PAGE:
The “form” of a switch is a shorthand for—depending on usage—the arrangement of the contacts or of the switch as a whole.
- Form A
- An alternative term for SPST-NO; in some cases form A can refer simply to NO, with SPST-NO in these instances written as “1 A” or “1 form A”
- Form B
- An alternative term for SPST-NC or sometimes simply NC
- Form C
- An alternative term for SPDT
In the diagrams below, the released state of each switch is drawn with its circuit diagram symbol. The pressed state is drawn with a modified symbol purely for illustrative purposes, to show switch operation. Current flowing through a switch is shown in red.
As noted previously, most of the configurations given below are not used in keyboards, but were offered in a number of keyboard switch series. The examples should help explain the options listed by manufacturers in their literature.
Both the pole/throw/type (e.g. “SPST-NO”) and count/form (e.g. “1A”) notations are used, with the latter given in Cherry format.
Single pole, single throw, normally open (form A, or 1A in Cherry notation) is the typical configuration of a keyboard switch. A single circuit pathway is connected when the switch is pressed.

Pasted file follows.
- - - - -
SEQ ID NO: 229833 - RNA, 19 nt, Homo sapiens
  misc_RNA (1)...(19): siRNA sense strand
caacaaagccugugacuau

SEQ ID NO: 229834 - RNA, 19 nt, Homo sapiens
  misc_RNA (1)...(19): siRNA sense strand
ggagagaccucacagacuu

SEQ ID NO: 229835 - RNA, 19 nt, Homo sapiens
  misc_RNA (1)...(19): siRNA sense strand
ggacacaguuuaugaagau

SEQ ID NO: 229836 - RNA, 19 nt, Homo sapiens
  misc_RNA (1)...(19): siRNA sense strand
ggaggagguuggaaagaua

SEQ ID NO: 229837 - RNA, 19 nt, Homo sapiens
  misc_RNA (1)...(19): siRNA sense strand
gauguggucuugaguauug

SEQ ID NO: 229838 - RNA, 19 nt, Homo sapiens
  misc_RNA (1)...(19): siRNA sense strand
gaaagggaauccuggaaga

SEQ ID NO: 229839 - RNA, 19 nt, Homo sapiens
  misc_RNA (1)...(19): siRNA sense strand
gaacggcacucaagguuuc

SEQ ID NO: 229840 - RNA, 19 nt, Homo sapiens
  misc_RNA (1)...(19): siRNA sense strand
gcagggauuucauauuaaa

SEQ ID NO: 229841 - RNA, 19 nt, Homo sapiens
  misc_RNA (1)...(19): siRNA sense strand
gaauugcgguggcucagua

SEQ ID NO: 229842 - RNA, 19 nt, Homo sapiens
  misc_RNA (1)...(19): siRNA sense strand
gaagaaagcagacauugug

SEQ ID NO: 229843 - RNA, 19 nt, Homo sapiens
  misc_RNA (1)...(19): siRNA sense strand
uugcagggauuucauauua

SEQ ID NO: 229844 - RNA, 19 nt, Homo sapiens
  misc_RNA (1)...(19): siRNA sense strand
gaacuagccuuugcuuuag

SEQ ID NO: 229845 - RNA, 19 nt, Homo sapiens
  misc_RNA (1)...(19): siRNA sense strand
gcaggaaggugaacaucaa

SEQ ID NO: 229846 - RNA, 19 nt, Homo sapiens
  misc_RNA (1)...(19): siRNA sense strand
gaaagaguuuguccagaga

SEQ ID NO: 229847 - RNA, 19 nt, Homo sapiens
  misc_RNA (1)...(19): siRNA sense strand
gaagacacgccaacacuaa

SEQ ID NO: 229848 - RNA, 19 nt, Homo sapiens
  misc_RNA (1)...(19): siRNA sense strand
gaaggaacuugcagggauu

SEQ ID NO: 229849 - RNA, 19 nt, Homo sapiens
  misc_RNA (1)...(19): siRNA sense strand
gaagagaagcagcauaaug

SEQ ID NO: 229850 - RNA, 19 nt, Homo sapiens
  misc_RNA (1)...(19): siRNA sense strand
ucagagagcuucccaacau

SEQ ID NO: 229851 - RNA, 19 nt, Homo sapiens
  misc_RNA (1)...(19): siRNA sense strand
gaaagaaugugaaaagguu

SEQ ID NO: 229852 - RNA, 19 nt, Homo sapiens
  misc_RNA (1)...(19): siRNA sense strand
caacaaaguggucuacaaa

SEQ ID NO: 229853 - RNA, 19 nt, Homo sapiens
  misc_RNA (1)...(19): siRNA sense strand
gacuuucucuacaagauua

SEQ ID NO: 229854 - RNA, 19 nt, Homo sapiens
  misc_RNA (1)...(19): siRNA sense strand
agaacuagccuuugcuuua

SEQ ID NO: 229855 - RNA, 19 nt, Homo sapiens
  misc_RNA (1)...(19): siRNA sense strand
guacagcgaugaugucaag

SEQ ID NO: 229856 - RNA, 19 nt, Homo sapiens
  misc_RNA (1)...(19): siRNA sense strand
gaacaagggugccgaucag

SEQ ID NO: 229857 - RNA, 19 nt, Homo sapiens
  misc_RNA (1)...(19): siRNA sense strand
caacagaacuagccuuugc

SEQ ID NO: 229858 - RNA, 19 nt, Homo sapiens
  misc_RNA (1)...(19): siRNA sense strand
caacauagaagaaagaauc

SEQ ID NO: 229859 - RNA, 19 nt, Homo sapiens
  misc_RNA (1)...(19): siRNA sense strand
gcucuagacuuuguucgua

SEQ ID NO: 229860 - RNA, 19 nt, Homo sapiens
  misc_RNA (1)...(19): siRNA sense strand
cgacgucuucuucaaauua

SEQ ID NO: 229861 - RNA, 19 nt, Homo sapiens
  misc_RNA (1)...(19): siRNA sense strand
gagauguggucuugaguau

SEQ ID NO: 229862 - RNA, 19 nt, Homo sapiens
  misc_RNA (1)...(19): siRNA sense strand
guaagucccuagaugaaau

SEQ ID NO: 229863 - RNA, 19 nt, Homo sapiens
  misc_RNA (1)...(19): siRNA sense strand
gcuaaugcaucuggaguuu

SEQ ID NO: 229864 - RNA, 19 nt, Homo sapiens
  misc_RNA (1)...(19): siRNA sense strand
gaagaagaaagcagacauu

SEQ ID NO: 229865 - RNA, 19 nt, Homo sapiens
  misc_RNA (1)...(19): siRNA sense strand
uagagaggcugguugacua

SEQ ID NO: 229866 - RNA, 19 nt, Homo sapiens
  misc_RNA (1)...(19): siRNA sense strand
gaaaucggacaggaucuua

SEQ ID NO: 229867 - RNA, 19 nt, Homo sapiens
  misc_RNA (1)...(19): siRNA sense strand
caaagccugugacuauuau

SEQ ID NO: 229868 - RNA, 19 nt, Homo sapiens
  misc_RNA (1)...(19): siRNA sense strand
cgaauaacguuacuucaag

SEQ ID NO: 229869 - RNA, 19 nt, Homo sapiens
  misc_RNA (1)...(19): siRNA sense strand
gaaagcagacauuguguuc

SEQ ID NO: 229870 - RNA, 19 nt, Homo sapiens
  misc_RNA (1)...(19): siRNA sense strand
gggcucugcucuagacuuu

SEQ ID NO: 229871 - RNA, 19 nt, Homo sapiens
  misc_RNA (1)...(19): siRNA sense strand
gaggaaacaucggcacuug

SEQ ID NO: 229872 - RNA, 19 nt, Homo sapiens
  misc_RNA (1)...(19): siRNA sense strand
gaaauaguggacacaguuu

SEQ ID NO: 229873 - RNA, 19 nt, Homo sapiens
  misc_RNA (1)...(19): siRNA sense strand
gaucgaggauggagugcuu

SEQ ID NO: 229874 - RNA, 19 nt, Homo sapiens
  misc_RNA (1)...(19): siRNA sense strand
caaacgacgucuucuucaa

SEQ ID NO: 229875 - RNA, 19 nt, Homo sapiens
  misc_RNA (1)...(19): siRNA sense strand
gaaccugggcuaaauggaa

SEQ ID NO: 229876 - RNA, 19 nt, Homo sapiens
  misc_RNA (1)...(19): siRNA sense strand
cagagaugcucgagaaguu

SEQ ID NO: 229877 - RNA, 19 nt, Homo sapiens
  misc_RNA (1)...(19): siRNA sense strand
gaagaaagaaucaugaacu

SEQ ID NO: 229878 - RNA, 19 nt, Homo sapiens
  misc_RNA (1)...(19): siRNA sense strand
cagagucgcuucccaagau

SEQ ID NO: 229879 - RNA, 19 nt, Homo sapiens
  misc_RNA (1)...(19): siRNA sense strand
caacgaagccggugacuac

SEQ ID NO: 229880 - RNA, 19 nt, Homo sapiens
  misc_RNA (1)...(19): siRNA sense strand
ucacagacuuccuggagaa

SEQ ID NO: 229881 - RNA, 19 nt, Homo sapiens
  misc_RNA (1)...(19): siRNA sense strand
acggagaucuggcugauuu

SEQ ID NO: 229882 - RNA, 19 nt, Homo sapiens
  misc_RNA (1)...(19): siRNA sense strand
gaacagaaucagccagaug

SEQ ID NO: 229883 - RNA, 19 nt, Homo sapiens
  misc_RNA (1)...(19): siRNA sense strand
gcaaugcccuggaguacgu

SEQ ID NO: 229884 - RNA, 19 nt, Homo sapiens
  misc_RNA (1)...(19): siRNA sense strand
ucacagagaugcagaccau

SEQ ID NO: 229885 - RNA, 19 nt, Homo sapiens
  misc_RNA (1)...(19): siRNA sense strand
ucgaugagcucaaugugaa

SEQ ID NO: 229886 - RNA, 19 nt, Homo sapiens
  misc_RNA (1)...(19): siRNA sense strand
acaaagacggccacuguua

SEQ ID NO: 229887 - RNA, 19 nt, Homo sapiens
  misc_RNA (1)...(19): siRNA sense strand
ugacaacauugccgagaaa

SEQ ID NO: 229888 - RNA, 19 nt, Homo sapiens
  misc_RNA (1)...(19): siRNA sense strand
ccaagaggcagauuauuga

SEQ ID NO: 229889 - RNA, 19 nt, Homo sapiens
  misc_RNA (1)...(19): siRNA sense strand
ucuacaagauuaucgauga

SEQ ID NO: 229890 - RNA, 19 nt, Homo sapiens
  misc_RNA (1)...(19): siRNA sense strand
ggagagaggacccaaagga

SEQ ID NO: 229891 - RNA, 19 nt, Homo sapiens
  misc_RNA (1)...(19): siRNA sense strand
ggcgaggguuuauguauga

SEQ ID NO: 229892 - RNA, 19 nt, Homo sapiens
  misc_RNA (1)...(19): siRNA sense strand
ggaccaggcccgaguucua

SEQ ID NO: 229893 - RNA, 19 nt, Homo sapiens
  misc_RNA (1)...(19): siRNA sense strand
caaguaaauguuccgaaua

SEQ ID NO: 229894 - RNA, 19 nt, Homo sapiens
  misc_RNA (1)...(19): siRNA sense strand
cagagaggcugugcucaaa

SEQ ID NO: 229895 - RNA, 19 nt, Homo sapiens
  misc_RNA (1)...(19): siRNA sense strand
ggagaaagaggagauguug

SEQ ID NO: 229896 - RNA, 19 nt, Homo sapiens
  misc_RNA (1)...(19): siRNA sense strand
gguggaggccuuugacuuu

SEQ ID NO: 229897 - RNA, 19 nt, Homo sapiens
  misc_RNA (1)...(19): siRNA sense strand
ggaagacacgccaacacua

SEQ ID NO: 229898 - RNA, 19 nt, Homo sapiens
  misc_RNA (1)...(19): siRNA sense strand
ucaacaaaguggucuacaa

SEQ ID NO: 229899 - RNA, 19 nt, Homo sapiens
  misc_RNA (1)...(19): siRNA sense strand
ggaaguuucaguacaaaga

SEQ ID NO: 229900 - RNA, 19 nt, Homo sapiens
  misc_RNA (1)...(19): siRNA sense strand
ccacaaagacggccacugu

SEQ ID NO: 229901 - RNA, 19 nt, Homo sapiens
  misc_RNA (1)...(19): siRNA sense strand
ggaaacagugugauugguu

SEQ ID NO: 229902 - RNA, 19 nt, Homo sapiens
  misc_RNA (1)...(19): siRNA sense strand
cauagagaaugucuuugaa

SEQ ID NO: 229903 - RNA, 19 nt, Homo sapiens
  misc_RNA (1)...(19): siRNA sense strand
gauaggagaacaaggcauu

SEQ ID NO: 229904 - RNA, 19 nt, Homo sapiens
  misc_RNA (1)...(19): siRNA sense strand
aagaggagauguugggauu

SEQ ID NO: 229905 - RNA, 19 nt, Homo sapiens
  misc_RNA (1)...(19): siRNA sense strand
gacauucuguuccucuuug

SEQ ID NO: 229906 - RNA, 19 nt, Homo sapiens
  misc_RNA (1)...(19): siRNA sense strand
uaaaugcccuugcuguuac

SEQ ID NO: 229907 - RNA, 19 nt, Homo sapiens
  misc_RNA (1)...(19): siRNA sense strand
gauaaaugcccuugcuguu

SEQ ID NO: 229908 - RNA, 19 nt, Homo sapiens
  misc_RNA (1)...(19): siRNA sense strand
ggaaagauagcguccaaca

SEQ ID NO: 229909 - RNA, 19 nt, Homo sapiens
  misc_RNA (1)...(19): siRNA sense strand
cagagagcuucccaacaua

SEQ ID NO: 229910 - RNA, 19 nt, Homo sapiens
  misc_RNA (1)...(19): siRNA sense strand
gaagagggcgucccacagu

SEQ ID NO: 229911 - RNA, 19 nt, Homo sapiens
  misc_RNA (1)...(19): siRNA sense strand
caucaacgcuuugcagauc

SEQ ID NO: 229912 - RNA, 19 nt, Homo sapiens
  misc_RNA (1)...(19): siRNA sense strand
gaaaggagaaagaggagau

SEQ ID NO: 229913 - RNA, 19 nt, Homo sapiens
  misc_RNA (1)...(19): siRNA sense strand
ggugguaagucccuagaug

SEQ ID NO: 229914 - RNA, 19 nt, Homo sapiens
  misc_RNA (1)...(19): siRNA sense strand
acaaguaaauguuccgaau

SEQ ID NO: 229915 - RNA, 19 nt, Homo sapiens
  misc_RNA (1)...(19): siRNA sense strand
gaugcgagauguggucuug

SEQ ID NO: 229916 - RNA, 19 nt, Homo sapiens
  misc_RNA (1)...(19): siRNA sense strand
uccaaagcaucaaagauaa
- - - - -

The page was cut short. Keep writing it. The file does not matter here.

Double pole, single throw, normally open (2A in Cherry notation) is seldom found in keyboards. A number of switch series offer this as an option, but keyboards almost always use SPST.
For keyboards, DPST has the advantage of allowing the switch to continue functioning even if one pair of contacts becomes contaminated or defective. If one contact pair should develop chatter, this should also not pose a problem as the other pair of contacts will continue to make reliable contact.
So far, only one keyboard has been found that appears to have simple redundant switching with DPST switches, is a Cherry G80-0229 with an undocumented variant of Cherry M7.
Other examples with DPST switches do not appear to be wired for simple redundancy. These are the Bendix-made NASA keyboard (with Clare-Pendar S84020 switches) and the Siemens SIMATIC S5 PG675 keyboard (the Cherry-made version with M8 switches — the Siemens-made keyboard has not been examined). The Bendix keyboard has some peculiar arrangement where the terminals on one side are connected together (as you would expect for redundant wiring) but those on the other side are not connected to each other; in fact, the whole keyboard is wired in a very unconventional arrangement with lots of sub-matrices. The Siemens keyboard does seem to be wired for redundant sensing, although some sections seem to use a switch variant with keystroke velocity sensing instead of plain DPST, for no apparent reason (a type of M8 switch without a known part number).
Switch series confirmed by literature or observation to offer DPST include: Cherry M5, M6, M7, M8 and M9; Clare/Pendar high-profile reed; Clare-Pendar S840; Datanetics DC-50; GRI KB and KBLP; MEI T-5.